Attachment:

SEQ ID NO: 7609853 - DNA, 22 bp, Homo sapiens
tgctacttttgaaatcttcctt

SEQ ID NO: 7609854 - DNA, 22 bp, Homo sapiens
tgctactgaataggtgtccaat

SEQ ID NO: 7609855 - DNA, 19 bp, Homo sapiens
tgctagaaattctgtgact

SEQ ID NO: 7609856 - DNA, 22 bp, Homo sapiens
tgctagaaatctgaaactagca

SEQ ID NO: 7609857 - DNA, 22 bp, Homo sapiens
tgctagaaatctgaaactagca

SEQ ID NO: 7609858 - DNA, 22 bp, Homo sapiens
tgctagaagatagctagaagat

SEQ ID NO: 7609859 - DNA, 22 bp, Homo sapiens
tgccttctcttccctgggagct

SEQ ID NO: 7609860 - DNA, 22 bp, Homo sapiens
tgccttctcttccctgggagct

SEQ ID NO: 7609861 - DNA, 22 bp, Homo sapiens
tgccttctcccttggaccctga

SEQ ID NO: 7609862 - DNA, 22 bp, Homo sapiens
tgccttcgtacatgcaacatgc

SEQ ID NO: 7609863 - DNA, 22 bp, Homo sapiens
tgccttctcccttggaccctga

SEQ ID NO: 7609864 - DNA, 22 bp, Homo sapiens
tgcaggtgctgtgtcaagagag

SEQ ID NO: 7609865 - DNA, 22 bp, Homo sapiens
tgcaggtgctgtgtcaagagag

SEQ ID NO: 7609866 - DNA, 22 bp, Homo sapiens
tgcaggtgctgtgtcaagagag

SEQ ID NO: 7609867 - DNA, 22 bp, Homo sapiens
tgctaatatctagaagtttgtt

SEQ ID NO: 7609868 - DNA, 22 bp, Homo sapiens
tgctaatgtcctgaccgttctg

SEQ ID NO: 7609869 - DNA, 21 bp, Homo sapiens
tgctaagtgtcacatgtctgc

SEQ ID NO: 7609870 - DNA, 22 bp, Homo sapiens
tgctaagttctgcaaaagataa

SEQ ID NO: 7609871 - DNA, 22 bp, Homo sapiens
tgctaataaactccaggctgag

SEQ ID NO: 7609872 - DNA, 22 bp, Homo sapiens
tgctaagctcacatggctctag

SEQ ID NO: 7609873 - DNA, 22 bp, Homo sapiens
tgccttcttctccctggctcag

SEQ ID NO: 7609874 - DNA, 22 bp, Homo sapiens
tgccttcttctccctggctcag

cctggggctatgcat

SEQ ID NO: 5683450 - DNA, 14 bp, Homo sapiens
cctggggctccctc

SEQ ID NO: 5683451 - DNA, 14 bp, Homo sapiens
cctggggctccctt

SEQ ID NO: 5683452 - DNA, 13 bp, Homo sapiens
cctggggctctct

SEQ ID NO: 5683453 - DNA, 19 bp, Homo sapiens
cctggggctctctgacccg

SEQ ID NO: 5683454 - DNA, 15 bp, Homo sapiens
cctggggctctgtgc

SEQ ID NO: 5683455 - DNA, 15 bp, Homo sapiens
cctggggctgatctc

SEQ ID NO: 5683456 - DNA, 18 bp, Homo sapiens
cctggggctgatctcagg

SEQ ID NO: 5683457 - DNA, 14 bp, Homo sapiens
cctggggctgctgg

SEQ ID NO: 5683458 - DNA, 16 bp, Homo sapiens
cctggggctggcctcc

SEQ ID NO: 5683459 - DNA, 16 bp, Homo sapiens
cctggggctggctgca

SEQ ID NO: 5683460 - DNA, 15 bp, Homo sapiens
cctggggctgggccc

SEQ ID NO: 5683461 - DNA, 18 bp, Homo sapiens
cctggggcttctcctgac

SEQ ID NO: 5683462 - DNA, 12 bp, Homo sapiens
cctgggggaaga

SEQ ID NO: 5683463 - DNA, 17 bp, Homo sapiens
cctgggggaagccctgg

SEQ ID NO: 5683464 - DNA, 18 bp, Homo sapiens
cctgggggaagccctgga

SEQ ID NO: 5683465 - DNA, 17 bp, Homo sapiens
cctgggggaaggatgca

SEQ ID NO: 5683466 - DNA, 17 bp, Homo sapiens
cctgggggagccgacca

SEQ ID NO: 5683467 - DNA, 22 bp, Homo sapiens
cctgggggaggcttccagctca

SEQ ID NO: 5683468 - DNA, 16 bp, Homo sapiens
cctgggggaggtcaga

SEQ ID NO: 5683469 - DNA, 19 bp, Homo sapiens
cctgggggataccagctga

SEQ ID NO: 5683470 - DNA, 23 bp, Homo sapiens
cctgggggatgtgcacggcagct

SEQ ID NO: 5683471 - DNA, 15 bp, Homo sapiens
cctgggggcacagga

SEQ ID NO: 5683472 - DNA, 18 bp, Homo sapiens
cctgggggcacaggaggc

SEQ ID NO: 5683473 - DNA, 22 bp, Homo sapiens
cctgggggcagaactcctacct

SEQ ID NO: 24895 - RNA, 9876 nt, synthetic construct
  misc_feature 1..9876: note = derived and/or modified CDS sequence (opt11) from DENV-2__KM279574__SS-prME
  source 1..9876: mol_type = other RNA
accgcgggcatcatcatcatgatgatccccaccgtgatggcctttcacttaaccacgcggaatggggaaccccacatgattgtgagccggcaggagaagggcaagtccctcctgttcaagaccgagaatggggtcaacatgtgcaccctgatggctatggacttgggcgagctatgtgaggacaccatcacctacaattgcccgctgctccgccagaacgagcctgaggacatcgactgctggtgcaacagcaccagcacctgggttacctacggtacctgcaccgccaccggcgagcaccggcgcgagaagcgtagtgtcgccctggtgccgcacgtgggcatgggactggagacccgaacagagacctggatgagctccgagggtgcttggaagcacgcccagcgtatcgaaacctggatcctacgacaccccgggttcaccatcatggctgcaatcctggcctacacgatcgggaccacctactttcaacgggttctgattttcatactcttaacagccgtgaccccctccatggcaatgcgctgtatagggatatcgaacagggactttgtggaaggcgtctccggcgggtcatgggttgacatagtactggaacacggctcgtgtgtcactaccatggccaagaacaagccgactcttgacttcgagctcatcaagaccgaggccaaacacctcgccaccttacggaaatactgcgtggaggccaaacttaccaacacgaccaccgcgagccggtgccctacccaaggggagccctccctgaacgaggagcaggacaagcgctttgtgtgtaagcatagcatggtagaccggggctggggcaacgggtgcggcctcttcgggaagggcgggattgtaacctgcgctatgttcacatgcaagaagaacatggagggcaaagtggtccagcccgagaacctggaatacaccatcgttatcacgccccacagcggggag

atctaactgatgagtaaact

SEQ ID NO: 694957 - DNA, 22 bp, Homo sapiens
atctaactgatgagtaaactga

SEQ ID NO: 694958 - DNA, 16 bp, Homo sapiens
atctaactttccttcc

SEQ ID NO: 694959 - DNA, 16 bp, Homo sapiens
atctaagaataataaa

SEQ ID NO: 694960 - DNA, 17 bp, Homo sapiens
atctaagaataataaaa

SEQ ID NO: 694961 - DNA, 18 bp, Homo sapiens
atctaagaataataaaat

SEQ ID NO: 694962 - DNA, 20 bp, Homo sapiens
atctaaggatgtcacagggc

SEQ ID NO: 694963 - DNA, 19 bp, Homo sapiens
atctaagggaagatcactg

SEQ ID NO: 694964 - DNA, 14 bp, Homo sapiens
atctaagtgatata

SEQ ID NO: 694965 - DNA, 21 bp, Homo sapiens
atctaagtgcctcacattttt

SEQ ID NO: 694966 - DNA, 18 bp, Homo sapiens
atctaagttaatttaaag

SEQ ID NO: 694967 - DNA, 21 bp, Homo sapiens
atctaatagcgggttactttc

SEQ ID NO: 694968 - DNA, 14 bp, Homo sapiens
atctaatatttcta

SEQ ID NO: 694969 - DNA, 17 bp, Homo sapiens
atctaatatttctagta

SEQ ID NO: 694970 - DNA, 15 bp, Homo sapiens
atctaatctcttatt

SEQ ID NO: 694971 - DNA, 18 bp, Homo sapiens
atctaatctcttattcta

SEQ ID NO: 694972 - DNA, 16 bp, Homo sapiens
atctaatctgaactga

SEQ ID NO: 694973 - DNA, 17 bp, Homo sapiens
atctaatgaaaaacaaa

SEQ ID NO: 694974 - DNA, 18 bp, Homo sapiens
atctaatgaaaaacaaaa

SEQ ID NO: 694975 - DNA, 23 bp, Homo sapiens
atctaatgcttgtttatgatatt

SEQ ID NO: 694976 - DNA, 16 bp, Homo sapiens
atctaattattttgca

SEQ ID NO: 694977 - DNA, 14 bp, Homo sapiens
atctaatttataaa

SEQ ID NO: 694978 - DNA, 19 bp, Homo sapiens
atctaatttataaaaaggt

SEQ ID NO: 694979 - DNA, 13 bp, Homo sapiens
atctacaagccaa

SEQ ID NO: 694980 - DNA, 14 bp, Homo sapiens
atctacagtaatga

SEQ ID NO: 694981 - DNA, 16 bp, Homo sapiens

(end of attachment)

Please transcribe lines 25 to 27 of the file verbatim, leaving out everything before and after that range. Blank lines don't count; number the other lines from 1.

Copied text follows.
SEQ ID NO: 7609865 - DNA, 22 bp, Homo sapiens
tgcaggtgctgtgtcaagagag

SEQ ID NO: 7609866 - DNA, 22 bp, Homo sapiens